Engineering the Feedback Dynamics of in vitro Synthetic Biological Systems
Bishop, Joshua Davis
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Building a biochemical system from scratch that rivals a living cell in ability to robustly perform many complex tasks in response to environmental signals is beyond the state-of-the- art. However, feedback is clearly a principle widely employed by cells — as it is by engineers — to enable robust dynamical behaviors, although a limited system-level understanding of feedback regulation and dynamical behavior in biochemical contexts hampers our ability to engineer such systems. Studying simple feedback systems in a rich, yet fully synthetic, biochemical context — like that provided by DNA nanotechnology — may therefore lead to a new state-of-the-art for synthetic biological systems. This thesis, in keeping with this philosophy, describes basic efforts in engineering bio- chemical feedback control systems in the form of simple, in vitro, nucleic-acid-based devices. I describe two such devices, which provide basic test-beds for engineering feedback dynamics in vitro. The first device is a DNA nanomotor, previously described in the literature, that is built from and operated by nucleic acid components, and that I modify by the introduction of a protein enzyme to improve the performance of the device in experimental tests. The second device I design and build from nucleic acid components and two protein enzymes to regulate the free quantity of an RNA molecule, which in turn can be used to dynamically drive the operation of other nucleic-acid-based systems — such as the first device — in a robust manner.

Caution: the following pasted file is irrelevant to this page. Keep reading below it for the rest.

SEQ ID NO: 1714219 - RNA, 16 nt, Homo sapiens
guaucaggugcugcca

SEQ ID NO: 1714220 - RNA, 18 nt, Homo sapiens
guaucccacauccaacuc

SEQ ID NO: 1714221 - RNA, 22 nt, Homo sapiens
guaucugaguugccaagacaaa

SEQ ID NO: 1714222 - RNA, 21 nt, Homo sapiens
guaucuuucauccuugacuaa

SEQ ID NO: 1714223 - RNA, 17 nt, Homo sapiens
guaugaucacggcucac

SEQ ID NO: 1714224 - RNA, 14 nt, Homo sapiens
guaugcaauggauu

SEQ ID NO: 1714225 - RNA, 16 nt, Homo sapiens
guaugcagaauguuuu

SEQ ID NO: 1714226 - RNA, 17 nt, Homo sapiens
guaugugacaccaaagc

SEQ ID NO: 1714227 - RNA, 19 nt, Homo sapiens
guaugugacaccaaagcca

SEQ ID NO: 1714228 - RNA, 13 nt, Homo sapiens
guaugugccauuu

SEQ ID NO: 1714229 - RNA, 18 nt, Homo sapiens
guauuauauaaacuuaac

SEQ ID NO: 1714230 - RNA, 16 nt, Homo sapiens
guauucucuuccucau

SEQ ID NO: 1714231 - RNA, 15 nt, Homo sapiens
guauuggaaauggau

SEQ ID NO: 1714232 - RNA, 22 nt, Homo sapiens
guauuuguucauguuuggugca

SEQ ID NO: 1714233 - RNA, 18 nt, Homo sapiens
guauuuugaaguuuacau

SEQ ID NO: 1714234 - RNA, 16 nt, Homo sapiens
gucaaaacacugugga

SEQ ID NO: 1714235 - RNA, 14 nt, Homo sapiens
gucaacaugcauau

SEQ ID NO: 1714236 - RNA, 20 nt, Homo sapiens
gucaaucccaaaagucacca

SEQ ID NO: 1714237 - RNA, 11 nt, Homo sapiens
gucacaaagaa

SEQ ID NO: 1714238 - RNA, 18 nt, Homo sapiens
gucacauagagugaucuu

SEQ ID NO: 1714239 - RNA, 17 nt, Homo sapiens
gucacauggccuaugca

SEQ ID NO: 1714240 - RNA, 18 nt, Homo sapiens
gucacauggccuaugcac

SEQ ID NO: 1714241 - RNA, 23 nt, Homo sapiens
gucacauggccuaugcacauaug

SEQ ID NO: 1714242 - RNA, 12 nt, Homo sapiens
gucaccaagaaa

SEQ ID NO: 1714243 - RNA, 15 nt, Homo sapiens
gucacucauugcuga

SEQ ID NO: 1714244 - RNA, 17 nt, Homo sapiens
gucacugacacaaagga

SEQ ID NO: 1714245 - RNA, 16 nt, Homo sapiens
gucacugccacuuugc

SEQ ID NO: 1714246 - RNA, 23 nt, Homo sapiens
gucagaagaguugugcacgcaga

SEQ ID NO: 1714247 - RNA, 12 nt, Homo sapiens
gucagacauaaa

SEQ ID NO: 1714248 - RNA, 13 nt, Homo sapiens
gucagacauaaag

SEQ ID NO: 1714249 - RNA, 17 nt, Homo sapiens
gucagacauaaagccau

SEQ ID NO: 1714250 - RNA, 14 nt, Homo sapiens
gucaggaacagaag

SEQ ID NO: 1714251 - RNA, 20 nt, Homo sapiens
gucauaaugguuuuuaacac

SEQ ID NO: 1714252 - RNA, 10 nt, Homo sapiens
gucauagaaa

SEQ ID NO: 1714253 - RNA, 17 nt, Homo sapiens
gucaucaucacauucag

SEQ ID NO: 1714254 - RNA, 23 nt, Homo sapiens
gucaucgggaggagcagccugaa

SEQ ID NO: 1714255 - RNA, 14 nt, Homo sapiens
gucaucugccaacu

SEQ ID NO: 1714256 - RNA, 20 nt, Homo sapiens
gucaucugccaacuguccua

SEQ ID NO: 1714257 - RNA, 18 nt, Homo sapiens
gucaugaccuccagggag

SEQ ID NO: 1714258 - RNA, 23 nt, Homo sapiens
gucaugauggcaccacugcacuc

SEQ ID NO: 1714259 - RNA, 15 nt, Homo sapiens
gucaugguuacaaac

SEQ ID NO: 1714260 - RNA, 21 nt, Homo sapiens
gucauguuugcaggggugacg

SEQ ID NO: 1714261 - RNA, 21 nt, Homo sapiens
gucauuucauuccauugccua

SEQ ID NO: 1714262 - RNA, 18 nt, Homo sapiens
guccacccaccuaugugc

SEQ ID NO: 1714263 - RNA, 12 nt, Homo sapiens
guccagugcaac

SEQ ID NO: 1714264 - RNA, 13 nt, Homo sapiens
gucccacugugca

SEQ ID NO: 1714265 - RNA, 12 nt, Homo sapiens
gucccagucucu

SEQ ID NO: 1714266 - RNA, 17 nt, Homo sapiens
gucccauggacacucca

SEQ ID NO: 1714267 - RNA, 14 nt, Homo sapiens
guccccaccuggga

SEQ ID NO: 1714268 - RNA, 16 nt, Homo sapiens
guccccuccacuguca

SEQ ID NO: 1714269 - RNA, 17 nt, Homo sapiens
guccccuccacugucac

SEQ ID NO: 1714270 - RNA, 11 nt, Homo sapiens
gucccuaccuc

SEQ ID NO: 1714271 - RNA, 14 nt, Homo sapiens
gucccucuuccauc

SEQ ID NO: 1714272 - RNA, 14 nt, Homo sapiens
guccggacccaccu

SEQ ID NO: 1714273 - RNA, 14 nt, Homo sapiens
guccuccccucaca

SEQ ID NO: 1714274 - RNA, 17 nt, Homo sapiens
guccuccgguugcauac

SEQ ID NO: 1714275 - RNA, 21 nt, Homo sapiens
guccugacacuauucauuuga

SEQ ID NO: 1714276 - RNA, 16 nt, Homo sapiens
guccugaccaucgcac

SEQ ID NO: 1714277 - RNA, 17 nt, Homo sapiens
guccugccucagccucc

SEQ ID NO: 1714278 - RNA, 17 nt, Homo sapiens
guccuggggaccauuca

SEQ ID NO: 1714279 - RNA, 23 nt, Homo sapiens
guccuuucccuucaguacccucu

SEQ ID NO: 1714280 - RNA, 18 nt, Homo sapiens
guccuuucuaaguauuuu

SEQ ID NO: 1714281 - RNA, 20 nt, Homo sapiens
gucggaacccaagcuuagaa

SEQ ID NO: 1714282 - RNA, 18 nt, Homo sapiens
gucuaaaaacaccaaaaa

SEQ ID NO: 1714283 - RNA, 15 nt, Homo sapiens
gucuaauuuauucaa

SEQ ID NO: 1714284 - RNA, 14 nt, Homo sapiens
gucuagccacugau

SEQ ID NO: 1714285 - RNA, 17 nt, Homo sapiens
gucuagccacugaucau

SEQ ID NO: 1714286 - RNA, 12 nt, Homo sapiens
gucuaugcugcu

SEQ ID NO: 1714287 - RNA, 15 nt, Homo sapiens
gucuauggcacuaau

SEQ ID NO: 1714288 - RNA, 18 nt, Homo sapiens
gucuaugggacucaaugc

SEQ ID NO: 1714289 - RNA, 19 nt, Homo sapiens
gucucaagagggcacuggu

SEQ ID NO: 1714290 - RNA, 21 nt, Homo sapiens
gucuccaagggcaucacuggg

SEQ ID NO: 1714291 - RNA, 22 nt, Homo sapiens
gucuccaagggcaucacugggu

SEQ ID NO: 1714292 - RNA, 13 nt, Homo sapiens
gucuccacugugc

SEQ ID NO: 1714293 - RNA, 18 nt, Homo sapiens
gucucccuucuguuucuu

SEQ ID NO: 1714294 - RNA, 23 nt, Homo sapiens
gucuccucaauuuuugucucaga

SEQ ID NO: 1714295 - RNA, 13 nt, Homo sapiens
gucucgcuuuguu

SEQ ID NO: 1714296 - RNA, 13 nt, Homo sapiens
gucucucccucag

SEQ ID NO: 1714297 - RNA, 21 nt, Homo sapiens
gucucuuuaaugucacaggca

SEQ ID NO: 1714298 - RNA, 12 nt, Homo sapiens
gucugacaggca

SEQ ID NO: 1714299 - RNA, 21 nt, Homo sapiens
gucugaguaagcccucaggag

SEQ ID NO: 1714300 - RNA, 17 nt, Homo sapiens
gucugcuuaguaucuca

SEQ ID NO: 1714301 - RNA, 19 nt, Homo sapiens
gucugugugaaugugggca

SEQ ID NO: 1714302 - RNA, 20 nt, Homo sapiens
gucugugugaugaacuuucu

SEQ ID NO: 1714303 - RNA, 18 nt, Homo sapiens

- Electrical engineering